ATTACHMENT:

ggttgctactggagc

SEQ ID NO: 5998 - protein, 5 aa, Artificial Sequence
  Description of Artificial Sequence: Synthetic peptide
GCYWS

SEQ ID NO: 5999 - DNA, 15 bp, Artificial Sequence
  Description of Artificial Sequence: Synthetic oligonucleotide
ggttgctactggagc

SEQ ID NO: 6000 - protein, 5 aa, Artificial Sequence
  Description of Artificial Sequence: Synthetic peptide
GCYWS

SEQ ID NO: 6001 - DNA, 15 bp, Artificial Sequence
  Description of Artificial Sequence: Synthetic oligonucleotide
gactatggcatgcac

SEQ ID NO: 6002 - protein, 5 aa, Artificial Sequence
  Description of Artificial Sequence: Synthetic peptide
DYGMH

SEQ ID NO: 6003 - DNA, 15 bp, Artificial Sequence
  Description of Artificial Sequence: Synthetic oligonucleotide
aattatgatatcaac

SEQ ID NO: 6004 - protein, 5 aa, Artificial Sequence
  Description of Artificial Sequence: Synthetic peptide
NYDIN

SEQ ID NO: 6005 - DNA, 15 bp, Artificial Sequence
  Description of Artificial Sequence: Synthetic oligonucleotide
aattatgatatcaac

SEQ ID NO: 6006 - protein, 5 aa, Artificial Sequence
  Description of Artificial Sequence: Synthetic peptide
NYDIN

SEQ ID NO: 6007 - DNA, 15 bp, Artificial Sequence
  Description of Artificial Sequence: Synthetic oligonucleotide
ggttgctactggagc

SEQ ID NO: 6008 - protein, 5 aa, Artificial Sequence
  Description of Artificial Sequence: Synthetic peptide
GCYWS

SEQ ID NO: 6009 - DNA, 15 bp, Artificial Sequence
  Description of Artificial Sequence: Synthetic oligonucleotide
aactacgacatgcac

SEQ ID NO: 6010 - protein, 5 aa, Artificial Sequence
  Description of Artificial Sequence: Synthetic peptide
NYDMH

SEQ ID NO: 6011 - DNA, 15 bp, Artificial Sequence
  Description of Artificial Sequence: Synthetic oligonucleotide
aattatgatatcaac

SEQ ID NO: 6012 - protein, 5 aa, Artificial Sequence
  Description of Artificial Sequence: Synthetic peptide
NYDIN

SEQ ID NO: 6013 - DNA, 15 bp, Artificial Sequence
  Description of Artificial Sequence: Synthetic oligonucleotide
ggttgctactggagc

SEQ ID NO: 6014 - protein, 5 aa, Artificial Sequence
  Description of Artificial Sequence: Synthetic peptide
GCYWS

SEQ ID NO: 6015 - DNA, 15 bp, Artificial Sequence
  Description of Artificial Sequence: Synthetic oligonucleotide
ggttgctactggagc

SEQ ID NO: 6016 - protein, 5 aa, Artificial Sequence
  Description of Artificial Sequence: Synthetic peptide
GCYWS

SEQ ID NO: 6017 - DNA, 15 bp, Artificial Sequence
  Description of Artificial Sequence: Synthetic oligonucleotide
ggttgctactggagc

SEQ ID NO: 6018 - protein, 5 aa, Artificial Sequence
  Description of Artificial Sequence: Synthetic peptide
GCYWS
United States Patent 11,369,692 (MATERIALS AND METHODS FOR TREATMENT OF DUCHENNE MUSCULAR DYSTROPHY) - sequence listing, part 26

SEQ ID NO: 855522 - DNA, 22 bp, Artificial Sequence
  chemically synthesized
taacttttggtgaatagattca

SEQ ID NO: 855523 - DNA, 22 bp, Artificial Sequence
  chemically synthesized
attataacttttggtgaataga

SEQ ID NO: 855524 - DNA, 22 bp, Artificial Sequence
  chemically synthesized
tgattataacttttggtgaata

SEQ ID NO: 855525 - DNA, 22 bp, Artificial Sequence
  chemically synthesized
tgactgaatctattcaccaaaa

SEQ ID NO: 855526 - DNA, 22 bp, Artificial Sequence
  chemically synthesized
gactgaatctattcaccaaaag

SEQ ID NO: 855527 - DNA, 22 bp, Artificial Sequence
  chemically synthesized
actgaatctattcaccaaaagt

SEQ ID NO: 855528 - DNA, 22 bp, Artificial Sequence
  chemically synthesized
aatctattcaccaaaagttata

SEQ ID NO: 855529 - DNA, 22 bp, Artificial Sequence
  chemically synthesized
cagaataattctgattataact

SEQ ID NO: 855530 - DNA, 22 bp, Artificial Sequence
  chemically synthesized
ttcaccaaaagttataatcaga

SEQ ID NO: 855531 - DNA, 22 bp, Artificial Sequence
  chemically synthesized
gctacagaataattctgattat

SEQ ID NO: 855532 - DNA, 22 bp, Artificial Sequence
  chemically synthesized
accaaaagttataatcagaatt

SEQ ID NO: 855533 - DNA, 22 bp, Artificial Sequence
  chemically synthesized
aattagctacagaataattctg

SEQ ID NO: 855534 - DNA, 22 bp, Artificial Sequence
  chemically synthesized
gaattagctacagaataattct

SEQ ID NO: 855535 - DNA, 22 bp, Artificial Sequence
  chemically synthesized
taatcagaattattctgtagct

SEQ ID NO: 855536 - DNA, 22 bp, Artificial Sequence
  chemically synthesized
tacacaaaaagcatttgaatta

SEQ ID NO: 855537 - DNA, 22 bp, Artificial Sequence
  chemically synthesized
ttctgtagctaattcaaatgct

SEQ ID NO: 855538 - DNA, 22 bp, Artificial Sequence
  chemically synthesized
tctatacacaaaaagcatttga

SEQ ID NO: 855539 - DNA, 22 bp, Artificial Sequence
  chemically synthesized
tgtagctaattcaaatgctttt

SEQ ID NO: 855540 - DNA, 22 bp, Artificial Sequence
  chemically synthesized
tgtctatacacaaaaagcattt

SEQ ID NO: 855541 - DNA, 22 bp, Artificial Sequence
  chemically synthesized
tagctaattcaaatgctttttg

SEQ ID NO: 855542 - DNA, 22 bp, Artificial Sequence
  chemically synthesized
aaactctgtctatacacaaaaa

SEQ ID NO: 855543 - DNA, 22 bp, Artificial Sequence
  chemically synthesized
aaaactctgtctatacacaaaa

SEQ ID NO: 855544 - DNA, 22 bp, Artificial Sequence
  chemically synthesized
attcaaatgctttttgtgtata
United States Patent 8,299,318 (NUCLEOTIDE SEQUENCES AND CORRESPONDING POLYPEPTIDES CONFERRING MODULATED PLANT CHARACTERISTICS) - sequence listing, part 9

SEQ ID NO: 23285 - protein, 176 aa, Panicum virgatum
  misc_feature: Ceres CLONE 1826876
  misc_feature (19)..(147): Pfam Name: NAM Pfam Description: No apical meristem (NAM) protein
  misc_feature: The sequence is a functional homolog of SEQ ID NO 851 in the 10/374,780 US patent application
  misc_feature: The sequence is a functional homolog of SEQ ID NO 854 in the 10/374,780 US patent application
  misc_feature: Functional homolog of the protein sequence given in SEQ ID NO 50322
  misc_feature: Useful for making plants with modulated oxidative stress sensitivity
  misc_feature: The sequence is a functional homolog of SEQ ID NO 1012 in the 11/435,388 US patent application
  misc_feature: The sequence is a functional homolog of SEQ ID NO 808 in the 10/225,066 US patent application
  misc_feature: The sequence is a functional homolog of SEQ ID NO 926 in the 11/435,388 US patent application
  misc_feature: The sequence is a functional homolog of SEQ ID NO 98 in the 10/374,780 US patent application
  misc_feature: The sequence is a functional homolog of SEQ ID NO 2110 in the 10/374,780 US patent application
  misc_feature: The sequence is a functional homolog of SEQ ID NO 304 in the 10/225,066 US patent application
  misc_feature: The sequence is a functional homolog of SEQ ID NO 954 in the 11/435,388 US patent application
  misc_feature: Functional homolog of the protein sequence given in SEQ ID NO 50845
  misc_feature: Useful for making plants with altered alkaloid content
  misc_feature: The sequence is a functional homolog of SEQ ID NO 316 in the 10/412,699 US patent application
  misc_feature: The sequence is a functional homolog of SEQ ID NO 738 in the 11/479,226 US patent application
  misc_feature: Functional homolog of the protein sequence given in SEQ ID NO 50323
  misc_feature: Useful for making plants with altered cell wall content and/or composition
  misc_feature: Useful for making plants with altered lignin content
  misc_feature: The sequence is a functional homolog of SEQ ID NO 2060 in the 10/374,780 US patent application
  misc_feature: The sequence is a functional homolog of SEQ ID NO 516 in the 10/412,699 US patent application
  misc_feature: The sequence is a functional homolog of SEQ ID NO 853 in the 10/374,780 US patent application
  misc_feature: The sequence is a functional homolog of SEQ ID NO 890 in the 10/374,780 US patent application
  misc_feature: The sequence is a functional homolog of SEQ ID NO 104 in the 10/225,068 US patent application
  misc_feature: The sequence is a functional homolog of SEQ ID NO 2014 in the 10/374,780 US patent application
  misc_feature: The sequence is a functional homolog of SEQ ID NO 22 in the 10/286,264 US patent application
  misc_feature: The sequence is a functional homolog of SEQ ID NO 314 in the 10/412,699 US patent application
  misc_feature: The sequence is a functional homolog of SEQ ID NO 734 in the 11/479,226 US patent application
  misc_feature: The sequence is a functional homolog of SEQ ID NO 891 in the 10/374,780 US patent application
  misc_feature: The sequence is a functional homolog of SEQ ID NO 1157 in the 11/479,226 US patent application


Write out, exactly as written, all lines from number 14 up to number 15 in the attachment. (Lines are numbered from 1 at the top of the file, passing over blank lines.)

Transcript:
SEQ ID NO: 6002 - protein, 5 aa, Artificial Sequence
  Description of Artificial Sequence: Synthetic peptide